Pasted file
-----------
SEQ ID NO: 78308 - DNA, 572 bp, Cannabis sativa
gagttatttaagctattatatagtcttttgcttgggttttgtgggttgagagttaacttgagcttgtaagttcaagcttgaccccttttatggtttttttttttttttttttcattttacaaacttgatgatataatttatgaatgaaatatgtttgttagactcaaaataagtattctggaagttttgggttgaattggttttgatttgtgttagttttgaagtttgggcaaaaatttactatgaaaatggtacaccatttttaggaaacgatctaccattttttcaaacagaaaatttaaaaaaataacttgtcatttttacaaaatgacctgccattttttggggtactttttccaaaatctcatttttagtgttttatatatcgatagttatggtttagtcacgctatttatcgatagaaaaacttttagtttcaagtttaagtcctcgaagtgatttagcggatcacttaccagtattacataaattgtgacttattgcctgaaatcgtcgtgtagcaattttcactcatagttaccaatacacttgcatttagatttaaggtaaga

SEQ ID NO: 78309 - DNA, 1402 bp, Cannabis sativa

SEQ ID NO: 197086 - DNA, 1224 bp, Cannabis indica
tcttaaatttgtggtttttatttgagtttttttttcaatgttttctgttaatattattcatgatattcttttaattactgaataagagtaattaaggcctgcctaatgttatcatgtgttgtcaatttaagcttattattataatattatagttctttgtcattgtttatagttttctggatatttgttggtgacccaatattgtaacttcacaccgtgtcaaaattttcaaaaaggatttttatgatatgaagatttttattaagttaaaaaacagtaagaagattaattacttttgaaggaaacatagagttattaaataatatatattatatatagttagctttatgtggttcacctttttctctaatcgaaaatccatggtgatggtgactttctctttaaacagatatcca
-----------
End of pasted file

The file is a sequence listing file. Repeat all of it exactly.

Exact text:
SEQ ID NO: 78308 - DNA, 572 bp, Cannabis sativa
gagttatttaagctattatatagtcttttgcttgggttttgtgggttgagagttaacttgagcttgtaagttcaagcttgaccccttttatggtttttttttttttttttttcattttacaaacttgatgatataatttatgaatgaaatatgtttgttagactcaaaataagtattctggaagttttgggttgaattggttttgatttgtgttagttttgaagtttgggcaaaaatttactatgaaaatggtacaccatttttaggaaacgatctaccattttttcaaacagaaaatttaaaaaaataacttgtcatttttacaaaatgacctgccattttttggggtactttttccaaaatctcatttttagtgttttatatatcgatagttatggtttagtcacgctatttatcgatagaaaaacttttagtttcaagtttaagtcctcgaagtgatttagcggatcacttaccagtattacataaattgtgacttattgcctgaaatcgtcgtgtagcaattttcactcatagttaccaatacacttgcatttagatttaaggtaaga

SEQ ID NO: 78309 - DNA, 1402 bp, Cannabis sativa

SEQ ID NO: 197086 - DNA, 1224 bp, Cannabis indica
tcttaaatttgtggtttttatttgagtttttttttcaatgttttctgttaatattattcatgatattcttttaattactgaataagagtaattaaggcctgcctaatgttatcatgtgttgtcaatttaagcttattattataatattatagttctttgtcattgtttatagttttctggatatttgttggtgacccaatattgtaacttcacaccgtgtcaaaattttcaaaaaggatttttatgatatgaagatttttattaagttaaaaaacagtaagaagattaattacttttgaaggaaacatagagttattaaataatatatattatatatagttagctttatgtggttcacctttttctctaatcgaaaatccatggtgatggtgactttctctttaaacagatatcca